While ebook sales plateaued in 2014, print books staged a comeback. According to Nielsen BookScan, print sales rose 2.4% in 2014, with total units topping 635 million. The 2014 figures provide evidence that print books are selling better than they have since sales of e-books took off in 2010 and Borders closed its doors in 2011.
- Trade Paperback increased 4.3%
- Hardcover increased 3%
- Mass Market Paperback declined -10.3
- Audio remained flat at 0.2
- The mystery and romance categories had the largest market shares at 32% and 36%
The Revival of Bookstores
After several solid years, independents are beginning to add locations and taking back some of the physical bookshelf space they lost during the Great Recession and the ebook explosion. Some are focusing on underserved towns where Borders once flourished. Other stores are creating reading environments by partnering with local restaurants and coffee shop in order to increase foot traffic. Used bookstores fill a void by offering popular titles and discounted prices. For the author, local bookstores remain a bright spot and many will find their local bookstore eager to host an author event.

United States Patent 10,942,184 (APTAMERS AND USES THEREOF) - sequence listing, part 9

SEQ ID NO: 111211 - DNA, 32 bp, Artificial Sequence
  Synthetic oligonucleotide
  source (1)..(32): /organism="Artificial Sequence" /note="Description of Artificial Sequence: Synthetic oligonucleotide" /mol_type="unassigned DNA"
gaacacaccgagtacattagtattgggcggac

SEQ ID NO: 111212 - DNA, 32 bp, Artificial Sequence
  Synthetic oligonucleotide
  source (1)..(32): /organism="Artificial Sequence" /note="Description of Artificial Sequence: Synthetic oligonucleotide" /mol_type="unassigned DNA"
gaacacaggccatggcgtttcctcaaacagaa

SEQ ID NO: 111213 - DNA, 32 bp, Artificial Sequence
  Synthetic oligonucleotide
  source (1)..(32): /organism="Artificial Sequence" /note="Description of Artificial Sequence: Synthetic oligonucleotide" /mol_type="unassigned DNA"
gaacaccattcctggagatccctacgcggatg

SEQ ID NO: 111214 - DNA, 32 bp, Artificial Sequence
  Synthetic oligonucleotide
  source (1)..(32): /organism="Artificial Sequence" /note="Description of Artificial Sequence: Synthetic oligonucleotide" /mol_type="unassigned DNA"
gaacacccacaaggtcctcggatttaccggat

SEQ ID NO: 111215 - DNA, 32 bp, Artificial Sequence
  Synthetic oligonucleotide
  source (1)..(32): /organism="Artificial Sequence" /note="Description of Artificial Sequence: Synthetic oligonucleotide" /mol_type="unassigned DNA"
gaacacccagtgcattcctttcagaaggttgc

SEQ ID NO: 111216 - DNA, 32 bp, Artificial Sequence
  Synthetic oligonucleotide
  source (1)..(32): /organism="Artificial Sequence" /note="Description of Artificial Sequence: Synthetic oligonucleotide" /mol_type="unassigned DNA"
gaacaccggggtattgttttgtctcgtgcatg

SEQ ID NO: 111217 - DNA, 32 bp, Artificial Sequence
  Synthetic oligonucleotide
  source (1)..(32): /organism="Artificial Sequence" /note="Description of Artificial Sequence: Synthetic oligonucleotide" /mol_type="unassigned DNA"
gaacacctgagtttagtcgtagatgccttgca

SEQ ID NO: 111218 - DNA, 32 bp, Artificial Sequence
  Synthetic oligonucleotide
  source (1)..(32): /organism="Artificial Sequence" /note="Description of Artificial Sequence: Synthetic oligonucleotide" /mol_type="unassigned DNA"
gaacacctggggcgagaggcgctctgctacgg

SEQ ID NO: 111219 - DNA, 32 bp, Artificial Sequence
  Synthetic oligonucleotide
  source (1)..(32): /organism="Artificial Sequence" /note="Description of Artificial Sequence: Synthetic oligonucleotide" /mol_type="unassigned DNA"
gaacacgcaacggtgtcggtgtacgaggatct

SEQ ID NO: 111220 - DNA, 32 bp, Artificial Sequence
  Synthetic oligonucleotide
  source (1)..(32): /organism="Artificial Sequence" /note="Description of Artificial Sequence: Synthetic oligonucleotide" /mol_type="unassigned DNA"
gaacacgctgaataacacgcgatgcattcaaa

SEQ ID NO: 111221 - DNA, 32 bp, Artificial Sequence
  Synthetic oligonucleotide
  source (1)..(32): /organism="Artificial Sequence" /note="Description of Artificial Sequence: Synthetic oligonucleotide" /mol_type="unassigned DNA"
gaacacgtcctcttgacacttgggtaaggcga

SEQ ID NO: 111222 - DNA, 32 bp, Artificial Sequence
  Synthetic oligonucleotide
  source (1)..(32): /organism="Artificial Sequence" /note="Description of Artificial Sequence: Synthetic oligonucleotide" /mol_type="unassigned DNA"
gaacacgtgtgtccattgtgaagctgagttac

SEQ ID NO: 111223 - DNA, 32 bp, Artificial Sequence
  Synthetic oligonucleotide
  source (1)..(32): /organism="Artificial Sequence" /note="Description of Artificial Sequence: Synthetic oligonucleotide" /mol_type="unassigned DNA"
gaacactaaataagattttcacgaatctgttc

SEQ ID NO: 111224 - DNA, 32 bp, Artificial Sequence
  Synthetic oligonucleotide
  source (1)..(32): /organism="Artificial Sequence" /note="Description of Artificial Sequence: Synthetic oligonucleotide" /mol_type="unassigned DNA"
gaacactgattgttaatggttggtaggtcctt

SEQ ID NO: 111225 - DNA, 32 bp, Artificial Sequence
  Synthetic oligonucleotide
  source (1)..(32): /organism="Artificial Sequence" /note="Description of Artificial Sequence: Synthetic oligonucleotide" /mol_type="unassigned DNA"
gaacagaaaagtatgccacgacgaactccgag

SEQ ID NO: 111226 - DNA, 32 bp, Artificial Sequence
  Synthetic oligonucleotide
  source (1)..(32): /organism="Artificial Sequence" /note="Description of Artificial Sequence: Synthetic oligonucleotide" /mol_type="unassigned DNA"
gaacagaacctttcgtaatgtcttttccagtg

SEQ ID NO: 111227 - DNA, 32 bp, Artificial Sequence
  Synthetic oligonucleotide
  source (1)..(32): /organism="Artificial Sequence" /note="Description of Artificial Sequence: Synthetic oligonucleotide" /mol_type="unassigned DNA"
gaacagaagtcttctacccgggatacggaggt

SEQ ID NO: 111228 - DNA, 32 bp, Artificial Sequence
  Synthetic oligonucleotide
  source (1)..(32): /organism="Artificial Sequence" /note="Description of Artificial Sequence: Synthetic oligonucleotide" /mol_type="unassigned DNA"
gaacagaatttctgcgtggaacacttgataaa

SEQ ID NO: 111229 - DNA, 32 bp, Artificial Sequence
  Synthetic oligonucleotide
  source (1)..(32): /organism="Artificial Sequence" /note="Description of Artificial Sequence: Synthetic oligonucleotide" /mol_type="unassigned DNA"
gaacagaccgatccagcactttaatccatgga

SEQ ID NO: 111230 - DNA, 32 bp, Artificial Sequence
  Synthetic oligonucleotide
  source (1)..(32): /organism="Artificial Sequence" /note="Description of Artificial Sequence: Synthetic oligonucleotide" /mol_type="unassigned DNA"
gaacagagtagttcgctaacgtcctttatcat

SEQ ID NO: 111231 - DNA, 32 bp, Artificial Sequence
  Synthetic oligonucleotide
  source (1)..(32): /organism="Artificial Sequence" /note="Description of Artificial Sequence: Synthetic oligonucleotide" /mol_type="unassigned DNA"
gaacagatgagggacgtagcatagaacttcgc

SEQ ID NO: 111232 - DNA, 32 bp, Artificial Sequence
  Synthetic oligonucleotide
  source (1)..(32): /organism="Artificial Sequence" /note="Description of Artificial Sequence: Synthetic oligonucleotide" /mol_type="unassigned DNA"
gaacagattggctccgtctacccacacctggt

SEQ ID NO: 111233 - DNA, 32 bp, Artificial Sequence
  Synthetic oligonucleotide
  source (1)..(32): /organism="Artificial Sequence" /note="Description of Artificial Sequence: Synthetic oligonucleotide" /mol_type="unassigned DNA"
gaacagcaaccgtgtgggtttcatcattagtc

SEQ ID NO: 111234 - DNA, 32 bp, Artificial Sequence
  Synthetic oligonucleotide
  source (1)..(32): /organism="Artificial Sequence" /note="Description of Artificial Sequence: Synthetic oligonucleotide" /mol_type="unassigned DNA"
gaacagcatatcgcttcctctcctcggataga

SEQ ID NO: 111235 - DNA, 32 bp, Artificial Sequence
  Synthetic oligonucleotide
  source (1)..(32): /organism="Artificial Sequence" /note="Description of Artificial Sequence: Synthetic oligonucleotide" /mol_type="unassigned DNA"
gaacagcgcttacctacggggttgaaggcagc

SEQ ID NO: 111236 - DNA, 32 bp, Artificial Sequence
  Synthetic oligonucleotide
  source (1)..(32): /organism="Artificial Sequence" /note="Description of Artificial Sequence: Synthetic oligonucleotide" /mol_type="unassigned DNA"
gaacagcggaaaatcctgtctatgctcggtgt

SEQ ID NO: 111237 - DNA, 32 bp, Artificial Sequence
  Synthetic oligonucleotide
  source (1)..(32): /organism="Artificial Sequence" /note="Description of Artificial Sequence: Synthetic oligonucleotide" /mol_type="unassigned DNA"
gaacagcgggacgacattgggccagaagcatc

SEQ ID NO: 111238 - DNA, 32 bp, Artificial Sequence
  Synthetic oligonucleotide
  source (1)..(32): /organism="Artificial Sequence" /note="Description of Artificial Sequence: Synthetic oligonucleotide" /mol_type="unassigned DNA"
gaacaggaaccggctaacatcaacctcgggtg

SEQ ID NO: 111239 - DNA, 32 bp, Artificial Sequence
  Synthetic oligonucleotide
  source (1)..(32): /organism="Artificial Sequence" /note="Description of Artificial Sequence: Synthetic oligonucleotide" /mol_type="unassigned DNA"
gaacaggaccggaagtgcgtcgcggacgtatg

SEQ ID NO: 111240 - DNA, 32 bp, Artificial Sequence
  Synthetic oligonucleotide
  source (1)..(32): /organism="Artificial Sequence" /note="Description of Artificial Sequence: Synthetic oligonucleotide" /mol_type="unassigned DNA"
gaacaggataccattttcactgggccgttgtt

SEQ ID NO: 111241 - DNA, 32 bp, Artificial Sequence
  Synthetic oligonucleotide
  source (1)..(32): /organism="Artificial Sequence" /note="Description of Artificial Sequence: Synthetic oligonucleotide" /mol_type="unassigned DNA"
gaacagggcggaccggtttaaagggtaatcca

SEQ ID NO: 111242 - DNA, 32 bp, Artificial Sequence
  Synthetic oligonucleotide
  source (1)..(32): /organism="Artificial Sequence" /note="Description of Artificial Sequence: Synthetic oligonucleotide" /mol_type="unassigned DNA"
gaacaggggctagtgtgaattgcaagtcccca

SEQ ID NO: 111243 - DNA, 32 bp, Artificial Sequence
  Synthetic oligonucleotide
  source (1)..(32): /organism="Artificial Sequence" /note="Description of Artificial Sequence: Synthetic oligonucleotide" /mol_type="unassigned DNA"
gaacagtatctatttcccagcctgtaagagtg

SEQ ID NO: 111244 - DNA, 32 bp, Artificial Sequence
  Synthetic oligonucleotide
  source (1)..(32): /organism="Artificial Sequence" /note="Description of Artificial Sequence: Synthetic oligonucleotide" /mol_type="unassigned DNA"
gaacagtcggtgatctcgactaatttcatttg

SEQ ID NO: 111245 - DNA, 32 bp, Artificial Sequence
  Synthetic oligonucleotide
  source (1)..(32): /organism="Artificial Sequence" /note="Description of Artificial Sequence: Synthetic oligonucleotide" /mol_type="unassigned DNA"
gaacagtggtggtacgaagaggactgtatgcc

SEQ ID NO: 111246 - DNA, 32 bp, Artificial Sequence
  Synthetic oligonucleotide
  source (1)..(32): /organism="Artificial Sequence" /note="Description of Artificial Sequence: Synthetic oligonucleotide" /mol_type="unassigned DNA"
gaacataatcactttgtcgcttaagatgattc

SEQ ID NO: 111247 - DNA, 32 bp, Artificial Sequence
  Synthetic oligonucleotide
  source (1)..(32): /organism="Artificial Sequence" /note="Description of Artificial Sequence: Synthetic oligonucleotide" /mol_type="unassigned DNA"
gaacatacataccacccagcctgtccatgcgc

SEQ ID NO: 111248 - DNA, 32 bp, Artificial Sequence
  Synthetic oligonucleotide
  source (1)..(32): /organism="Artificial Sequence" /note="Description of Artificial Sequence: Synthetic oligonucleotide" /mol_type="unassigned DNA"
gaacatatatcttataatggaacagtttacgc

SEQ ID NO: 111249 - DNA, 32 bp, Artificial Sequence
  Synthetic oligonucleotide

Print and ebook Live On
Declines in print revenues will slow over the next five years and, in the long term, the market will plateau, with printed books still seen as desirable to own. PricewaterhouseCoopers (PwC)
As the economy continues to improve, consumers have demonstrated a willingness to spend money on print books. That said, the struggles at Barnes and Noble and bankruptcy proceedings at Family Christian Books might continue to drive consumers towards online sales and independent bookstores.